Perhaps you've read of the Michigan college student who responded to his car being towed, despite his having a parking permit, by posting a Facebook page entitled "Kalamamazoo Residents against T&J Towing." It seems he wasn't the only one tired of getting an indiscriminate hook from T&J and his protest soon attracted hundreds of like-minded victims.
It also attracted a lawsuit by T&J, which figured the best way to squelch such criticism was to intimidate its leader into silence.
The good news is that the publicity surrounding this case may help motivate lawmakers in Washington to finally pass a federal law that will protect the free-speech rights of Internet users to express themselves without fear of meritless legal retaliation by deep-pocketed businesses.
From this morning's New York Times:
Web sites like Facebook, Twitter and Yelp have given individuals a global platform on which to air their grievances with companies. But legal experts say the soaring popularity of such sites has also given rise to more cases ... in which a business sues an individual for posting critical comments online.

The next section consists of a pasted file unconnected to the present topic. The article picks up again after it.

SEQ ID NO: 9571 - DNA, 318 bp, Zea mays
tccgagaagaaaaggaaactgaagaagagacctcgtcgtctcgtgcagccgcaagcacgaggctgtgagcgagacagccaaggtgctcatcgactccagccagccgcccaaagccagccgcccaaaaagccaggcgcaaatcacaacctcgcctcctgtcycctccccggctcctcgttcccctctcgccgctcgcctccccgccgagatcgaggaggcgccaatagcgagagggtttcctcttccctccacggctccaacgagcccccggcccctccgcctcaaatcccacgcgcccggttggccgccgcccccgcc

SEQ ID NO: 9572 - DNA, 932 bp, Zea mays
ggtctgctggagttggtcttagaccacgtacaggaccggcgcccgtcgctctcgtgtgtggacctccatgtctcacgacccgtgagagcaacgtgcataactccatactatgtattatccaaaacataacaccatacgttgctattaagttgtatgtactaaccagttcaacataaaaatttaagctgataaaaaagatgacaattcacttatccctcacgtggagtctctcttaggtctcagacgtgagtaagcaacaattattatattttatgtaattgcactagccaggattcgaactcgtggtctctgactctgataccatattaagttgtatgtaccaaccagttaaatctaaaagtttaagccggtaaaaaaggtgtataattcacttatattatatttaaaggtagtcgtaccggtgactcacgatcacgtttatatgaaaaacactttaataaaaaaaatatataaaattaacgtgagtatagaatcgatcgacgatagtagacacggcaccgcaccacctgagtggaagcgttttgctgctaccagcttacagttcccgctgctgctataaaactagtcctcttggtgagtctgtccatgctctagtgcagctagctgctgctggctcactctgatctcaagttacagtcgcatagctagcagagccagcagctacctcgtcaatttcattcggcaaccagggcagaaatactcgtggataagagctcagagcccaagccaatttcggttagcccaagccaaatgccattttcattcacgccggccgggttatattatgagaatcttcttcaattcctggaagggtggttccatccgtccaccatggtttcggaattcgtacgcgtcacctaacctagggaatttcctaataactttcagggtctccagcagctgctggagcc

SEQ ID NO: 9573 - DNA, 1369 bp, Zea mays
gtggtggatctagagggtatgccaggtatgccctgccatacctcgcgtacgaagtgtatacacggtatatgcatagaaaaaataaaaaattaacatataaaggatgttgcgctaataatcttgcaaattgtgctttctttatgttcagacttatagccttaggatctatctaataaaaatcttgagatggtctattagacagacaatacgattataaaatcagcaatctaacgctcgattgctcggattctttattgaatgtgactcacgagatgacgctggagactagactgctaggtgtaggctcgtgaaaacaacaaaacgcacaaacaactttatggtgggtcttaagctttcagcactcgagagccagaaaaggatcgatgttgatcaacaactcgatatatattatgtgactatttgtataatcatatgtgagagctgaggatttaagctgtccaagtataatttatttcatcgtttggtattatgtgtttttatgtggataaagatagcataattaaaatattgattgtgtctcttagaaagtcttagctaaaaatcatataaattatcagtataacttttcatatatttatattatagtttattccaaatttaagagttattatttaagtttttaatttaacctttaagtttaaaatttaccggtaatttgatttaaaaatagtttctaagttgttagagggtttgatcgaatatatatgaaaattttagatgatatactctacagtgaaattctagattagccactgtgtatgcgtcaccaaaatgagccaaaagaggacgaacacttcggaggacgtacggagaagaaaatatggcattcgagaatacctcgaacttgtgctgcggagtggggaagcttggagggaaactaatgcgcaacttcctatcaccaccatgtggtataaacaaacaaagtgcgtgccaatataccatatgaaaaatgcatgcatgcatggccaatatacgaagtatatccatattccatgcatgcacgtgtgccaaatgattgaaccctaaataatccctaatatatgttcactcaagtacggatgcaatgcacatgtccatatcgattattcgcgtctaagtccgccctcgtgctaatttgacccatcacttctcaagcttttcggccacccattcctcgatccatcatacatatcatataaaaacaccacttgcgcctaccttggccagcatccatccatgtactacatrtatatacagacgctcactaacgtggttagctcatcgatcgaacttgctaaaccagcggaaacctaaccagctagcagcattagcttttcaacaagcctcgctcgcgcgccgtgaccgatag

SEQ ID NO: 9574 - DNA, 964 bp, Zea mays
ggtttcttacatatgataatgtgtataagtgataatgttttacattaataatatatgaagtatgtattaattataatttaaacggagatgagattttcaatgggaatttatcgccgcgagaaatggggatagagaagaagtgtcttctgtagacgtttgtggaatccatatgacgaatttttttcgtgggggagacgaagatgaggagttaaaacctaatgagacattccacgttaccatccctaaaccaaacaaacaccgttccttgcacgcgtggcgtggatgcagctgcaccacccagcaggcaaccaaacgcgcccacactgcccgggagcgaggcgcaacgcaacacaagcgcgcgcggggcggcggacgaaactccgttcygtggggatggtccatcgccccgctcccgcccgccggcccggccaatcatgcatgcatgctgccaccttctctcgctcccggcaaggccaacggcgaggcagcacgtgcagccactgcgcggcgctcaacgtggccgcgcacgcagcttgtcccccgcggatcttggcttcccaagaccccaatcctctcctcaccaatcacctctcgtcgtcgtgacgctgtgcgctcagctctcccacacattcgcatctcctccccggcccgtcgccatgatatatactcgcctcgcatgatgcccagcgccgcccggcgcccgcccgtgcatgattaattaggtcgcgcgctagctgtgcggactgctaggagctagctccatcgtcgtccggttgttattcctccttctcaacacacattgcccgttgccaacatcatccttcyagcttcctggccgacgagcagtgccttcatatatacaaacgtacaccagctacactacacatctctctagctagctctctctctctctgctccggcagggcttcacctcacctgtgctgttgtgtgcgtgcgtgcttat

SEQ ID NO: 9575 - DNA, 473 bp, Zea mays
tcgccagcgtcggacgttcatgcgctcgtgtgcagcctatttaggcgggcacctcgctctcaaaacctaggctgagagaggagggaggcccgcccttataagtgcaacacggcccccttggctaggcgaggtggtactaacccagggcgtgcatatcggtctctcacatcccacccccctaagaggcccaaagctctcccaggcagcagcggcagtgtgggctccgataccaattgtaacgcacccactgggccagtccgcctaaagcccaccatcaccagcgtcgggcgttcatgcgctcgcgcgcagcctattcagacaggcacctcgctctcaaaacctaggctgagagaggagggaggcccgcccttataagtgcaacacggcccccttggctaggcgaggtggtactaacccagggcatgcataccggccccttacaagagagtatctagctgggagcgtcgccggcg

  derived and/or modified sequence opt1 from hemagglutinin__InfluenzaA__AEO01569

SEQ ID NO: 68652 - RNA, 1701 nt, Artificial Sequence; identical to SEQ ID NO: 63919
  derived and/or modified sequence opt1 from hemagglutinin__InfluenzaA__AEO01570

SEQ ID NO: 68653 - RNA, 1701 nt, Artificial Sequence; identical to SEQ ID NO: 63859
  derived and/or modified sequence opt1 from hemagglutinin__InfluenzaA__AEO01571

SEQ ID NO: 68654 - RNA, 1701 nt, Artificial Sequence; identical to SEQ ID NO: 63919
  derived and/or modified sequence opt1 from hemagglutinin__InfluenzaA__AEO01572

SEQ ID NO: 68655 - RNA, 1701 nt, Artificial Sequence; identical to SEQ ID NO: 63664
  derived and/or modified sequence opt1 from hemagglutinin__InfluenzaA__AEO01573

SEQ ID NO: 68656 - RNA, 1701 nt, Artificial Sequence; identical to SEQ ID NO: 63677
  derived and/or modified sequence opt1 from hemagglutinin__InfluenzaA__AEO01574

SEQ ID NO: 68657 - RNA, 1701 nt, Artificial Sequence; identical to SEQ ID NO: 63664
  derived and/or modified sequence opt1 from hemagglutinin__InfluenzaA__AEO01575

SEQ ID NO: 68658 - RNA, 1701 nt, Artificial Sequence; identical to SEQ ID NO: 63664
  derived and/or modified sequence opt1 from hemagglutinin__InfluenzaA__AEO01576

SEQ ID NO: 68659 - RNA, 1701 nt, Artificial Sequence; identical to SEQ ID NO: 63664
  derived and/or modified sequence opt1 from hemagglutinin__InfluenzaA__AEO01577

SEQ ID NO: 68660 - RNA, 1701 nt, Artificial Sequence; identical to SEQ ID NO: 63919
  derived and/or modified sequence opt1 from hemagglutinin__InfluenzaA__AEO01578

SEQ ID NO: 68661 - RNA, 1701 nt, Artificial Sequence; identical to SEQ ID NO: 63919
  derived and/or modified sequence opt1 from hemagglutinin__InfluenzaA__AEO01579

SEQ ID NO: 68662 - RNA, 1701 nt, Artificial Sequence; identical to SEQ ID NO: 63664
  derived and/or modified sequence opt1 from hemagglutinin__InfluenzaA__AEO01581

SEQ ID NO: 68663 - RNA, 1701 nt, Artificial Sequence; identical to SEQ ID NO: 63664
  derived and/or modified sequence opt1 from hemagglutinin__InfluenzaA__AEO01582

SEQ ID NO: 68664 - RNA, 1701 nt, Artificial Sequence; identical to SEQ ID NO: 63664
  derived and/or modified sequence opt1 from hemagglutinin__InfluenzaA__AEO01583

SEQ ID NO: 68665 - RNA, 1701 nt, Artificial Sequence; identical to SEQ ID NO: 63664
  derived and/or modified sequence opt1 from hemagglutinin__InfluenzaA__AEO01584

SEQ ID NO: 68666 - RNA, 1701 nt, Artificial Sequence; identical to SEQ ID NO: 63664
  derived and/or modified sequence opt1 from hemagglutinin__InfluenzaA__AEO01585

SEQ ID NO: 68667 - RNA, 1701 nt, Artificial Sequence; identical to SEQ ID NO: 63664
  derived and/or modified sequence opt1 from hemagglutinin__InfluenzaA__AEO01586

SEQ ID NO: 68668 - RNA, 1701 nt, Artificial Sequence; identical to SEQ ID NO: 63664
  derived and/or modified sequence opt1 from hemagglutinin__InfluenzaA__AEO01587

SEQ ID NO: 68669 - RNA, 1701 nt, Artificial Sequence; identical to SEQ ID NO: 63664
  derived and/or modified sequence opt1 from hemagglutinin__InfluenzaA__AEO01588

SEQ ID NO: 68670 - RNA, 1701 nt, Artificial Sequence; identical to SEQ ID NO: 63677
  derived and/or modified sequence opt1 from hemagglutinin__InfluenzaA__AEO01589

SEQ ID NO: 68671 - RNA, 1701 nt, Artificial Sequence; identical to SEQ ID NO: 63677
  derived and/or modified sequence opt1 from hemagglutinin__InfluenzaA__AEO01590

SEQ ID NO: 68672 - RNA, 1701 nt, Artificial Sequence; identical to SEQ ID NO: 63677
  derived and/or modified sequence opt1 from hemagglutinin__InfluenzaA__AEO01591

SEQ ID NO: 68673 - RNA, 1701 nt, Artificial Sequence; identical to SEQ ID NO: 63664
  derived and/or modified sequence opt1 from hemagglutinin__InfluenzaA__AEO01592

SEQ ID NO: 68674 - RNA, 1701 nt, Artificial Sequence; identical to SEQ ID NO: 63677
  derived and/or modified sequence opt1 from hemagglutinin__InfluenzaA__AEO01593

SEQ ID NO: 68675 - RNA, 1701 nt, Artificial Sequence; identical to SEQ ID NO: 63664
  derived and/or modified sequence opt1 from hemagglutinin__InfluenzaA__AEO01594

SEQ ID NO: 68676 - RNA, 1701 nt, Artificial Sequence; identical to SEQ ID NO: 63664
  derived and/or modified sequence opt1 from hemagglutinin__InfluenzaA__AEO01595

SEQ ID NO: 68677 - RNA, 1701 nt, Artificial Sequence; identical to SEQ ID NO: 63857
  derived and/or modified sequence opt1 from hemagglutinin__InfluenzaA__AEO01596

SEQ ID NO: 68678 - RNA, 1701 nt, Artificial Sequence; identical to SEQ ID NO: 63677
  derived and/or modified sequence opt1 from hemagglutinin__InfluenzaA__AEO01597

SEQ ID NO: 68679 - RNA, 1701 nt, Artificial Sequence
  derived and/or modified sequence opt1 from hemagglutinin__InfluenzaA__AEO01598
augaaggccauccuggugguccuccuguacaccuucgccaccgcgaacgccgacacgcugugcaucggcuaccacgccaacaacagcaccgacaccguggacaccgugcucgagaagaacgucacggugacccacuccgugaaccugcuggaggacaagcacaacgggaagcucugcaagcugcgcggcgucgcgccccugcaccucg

The towing company's lawyer said that it was justified in removing (the) car because the permit was not visible, and that the Facebook page was costing it business and had unfairly damaged its reputation.
Some First Amendment lawyers see the case differently. They consider the lawsuit an example of the latest incarnation of a decades-old legal maneuver known as a strategic lawsuit against public participation, or Slapp.
A number of states already have laws that attempt to deter this type of legal intimidation, but a federal version is necessary given the nature of the Internet and this country's well established sue-first mentality.
This will be a classic test for a Congress that all too routinely aligns itself business interests.